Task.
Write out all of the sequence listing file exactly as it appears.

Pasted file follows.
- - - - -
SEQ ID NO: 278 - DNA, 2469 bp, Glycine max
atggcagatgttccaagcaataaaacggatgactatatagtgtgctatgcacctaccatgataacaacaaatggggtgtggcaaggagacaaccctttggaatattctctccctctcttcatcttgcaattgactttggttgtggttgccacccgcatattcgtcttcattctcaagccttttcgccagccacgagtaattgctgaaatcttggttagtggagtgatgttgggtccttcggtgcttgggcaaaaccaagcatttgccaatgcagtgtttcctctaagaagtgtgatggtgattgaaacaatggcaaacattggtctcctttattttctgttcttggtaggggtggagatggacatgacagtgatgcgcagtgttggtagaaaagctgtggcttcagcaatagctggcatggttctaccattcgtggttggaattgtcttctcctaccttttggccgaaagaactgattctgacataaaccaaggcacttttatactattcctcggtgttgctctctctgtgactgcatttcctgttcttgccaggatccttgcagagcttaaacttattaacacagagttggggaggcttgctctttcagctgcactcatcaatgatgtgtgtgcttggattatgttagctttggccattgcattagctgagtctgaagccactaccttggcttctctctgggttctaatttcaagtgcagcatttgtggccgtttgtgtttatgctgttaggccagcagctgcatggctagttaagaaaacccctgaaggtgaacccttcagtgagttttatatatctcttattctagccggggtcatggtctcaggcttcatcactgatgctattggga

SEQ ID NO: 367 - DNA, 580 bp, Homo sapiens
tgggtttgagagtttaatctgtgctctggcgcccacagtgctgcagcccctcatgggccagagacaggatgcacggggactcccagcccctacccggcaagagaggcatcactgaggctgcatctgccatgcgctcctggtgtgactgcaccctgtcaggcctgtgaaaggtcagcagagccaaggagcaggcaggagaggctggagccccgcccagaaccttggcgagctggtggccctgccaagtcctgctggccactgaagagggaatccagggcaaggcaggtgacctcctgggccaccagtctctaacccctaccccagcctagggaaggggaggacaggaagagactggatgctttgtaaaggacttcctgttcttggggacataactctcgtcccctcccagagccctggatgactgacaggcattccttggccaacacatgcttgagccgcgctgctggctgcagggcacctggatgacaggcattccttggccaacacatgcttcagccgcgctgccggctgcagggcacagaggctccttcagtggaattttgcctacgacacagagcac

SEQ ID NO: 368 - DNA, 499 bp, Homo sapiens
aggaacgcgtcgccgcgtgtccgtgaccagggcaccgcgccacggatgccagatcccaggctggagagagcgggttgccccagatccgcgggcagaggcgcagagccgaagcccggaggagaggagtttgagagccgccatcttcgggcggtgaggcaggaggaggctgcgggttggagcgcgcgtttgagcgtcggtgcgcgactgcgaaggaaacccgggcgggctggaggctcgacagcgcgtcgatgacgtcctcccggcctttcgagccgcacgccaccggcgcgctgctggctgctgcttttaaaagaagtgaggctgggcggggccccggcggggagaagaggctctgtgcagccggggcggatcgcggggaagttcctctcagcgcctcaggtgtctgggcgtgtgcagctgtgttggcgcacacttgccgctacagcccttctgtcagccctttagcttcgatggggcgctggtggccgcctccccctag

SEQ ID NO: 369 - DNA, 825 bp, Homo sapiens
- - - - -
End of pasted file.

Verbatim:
SEQ ID NO: 278 - DNA, 2469 bp, Glycine max
atggcagatgttccaagcaataaaacggatgactatatagtgtgctatgcacctaccatgataacaacaaatggggtgtggcaaggagacaaccctttggaatattctctccctctcttcatcttgcaattgactttggttgtggttgccacccgcatattcgtcttcattctcaagccttttcgccagccacgagtaattgctgaaatcttggttagtggagtgatgttgggtccttcggtgcttgggcaaaaccaagcatttgccaatgcagtgtttcctctaagaagtgtgatggtgattgaaacaatggcaaacattggtctcctttattttctgttcttggtaggggtggagatggacatgacagtgatgcgcagtgttggtagaaaagctgtggcttcagcaatagctggcatggttctaccattcgtggttggaattgtcttctcctaccttttggccgaaagaactgattctgacataaaccaaggcacttttatactattcctcggtgttgctctctctgtgactgcatttcctgttcttgccaggatccttgcagagcttaaacttattaacacagagttggggaggcttgctctttcagctgcactcatcaatgatgtgtgtgcttggattatgttagctttggccattgcattagctgagtctgaagccactaccttggcttctctctgggttctaatttcaagtgcagcatttgtggccgtttgtgtttatgctgttaggccagcagctgcatggctagttaagaaaacccctgaaggtgaacccttcagtgagttttatatatctcttattctagccggggtcatggtctcaggcttcatcactgatgctattggga

SEQ ID NO: 367 - DNA, 580 bp, Homo sapiens
tgggtttgagagtttaatctgtgctctggcgcccacagtgctgcagcccctcatgggccagagacaggatgcacggggactcccagcccctacccggcaagagaggcatcactgaggctgcatctgccatgcgctcctggtgtgactgcaccctgtcaggcctgtgaaaggtcagcagagccaaggagcaggcaggagaggctggagccccgcccagaaccttggcgagctggtggccctgccaagtcctgctggccactgaagagggaatccagggcaaggcaggtgacctcctgggccaccagtctctaacccctaccccagcctagggaaggggaggacaggaagagactggatgctttgtaaaggacttcctgttcttggggacataactctcgtcccctcccagagccctggatgactgacaggcattccttggccaacacatgcttgagccgcgctgctggctgcagggcacctggatgacaggcattccttggccaacacatgcttcagccgcgctgccggctgcagggcacagaggctccttcagtggaattttgcctacgacacagagcac

SEQ ID NO: 368 - DNA, 499 bp, Homo sapiens
aggaacgcgtcgccgcgtgtccgtgaccagggcaccgcgccacggatgccagatcccaggctggagagagcgggttgccccagatccgcgggcagaggcgcagagccgaagcccggaggagaggagtttgagagccgccatcttcgggcggtgaggcaggaggaggctgcgggttggagcgcgcgtttgagcgtcggtgcgcgactgcgaaggaaacccgggcgggctggaggctcgacagcgcgtcgatgacgtcctcccggcctttcgagccgcacgccaccggcgcgctgctggctgctgcttttaaaagaagtgaggctgggcggggccccggcggggagaagaggctctgtgcagccggggcggatcgcggggaagttcctctcagcgcctcaggtgtctgggcgtgtgcagctgtgttggcgcacacttgccgctacagcccttctgtcagccctttagcttcgatggggcgctggtggccgcctccccctag

SEQ ID NO: 369 - DNA, 825 bp, Homo sapiens